“It’s go time,” Jones said of his message. “This is the part of the year where all your energy and effort becomes focused on getting better and laying it all on the table. Just try to reiterate and make sure guys understand that we all our focused on leaving it all out there every night. We can’t pick spots, we just have to be ready to go. We have to go full tilt for 48 minutes per game.
“You can get a lot done the last two or three weeks in the season. You can go to another level or you can take a step back and we’re in an adverse situation right now where if we do what we set out to do, which is make a hard push down the stretch, we will come out better for it in a few days.”
The change didn’t happen immediately. The Cavs followed up the Spurs clunker with their 10th loss of the month.
No one really knows exactly what that chat in San Antonio means in the big picture. Maybe it will be a turning point. Or maybe it will be just another team meeting for a group that, for better or worse, has a few of them per year.
“We’re doing some good things,” Jones admitted. “We’re doing it in stretches, but not as long as we would like and we haven’t put together a complete game in a long time and we haven’t had a complete team in a long time. But right now we’re at the point where we just have to get it done. As we continue to go out there and play hard every possession and test our minds and test our bodies we will develop that extra mental toughness that we will need in the playoffs.”
Jones wouldn’t term the Cavs a complacent team. But guys are obviously in new territory trying to repeat as champions. That’s not easy.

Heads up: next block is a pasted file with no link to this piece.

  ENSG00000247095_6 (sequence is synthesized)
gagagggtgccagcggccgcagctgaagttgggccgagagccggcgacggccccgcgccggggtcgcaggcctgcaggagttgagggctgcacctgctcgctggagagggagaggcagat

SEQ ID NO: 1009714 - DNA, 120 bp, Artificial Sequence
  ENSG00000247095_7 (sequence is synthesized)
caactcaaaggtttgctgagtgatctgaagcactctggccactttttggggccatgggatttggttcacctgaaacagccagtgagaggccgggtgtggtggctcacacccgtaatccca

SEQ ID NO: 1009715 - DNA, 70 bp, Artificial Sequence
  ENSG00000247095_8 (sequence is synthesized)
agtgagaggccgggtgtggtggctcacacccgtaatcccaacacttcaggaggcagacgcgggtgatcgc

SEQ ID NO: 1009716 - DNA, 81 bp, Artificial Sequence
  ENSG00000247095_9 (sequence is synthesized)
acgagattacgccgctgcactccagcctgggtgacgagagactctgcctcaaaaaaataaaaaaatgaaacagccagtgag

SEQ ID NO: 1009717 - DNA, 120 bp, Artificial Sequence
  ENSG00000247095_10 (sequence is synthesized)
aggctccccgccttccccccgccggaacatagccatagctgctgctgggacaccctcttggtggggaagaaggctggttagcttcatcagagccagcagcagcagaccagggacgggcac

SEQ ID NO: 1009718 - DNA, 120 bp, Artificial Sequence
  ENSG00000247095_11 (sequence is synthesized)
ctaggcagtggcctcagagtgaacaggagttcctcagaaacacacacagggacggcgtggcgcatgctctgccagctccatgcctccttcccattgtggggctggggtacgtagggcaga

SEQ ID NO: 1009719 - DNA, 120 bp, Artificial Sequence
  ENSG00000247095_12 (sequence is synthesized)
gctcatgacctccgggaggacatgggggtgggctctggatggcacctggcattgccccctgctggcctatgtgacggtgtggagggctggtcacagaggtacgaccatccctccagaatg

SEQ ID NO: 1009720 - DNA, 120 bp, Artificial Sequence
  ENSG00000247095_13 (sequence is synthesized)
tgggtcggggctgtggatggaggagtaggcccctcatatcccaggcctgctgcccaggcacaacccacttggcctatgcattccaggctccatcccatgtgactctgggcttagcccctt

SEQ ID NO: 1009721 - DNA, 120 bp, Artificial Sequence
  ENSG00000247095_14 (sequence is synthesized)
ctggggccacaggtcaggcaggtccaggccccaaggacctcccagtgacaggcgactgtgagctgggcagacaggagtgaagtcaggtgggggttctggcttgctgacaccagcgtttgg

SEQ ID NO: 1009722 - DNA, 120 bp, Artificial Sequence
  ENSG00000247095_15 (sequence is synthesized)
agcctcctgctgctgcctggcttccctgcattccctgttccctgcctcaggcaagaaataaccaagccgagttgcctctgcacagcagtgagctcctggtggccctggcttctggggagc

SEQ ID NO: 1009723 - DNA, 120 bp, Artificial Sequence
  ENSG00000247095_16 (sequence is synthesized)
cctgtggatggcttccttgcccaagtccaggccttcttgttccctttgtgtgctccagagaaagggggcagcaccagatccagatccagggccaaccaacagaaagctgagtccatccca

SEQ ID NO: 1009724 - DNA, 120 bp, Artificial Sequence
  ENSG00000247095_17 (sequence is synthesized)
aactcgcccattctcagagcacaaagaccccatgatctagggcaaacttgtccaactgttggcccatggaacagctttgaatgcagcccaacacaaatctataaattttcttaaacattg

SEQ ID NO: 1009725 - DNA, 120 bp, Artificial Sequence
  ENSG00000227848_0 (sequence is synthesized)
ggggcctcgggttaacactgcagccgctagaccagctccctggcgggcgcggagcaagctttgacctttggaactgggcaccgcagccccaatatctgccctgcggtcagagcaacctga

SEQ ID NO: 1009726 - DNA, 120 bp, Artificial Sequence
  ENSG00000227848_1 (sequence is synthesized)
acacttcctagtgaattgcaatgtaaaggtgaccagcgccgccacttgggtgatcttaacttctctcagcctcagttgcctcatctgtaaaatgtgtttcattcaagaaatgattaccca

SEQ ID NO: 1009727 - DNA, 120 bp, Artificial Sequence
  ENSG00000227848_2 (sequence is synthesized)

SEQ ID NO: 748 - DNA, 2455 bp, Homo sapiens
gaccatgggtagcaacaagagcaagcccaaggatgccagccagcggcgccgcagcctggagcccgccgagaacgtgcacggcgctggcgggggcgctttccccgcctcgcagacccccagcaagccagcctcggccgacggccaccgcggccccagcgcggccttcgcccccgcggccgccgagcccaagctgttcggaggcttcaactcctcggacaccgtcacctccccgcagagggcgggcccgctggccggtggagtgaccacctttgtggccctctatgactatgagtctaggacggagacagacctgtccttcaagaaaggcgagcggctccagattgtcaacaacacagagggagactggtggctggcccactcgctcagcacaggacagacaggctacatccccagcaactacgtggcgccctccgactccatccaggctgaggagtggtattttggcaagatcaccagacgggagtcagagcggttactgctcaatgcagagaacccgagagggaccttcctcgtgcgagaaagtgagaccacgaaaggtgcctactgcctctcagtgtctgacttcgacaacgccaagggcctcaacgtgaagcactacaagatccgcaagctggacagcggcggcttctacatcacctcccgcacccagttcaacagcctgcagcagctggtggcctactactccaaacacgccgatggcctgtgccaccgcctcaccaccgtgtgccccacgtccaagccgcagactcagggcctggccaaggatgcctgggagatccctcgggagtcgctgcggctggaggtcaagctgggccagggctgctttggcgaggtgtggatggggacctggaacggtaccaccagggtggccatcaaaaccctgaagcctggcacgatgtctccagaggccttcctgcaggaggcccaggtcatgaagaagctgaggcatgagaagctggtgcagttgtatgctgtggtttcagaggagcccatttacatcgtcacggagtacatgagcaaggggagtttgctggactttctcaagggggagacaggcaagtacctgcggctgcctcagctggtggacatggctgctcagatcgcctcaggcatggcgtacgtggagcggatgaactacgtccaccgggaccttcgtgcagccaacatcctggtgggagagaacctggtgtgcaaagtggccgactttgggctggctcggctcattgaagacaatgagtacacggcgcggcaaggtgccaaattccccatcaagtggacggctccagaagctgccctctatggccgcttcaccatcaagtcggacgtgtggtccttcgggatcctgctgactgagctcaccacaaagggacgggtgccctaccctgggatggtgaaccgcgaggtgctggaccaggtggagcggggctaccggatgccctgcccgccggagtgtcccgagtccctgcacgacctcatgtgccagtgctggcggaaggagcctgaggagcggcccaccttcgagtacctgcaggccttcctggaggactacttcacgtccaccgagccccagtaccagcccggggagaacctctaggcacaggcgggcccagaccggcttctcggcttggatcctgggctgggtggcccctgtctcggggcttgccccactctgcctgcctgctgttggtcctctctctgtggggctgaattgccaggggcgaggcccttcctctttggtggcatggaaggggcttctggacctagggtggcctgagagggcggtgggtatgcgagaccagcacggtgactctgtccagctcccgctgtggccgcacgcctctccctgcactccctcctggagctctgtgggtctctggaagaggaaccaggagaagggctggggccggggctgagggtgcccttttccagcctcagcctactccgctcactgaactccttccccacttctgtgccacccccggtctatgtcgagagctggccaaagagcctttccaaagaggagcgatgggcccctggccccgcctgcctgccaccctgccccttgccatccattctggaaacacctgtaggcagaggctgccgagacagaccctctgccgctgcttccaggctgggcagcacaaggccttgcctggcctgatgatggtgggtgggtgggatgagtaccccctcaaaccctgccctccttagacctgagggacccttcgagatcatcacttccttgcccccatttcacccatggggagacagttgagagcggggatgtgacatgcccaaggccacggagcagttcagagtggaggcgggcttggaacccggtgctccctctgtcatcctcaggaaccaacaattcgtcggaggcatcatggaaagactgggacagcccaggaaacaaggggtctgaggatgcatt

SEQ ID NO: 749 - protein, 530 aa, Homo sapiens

That pressure, combined with the losing month, has been weighing on Irving, who admitted Thursday that the team is “all over the place” mentally.
“I tell him that adversity builds character. Gotta figure it out,” Jones said. “(Kyrie) will figure it out, but as teammates we will help him. Ultimately it’s those three guys (James, Irving and Love). They make us go so they have to find a way to inspire us, to ignite us and to lead.
“That means playing every possession. That means making every right play. That means making every right decision and when you don’t make the right decision owning up to it and moving on and making the right decision the next time down.”
In the Cavs’ get-right game against the Sixers Friday, the trio stepped up.
Cleveland’s Big Three scored the team’s first 10 points and 14 of 17 to open the game. By the end of a dominant first half, building an 18-point edge against the wounded 76ers, James, Irving and Love had combined for 45 of the 70 points.
“The time for talking is over,” Jones said. “Our three guys know what they need to do to right this ship and to make us better. Now it’s on them to go out there and do it.”
The Cavs are preaching a sense of urgency. That’s why there was another team meeting following Thursday’s loss against the Bulls.
But being back home, crushing an inferior opponent, led to a different locker room vibe Friday. There was no need for a postgame address this time. Winning has a way of calming nerves. It fixes problems that speeches can’t. It builds confidence.
“We need to continue to progress and move forward,” Love said. “We have far more than enough to win. We’ve shown that.”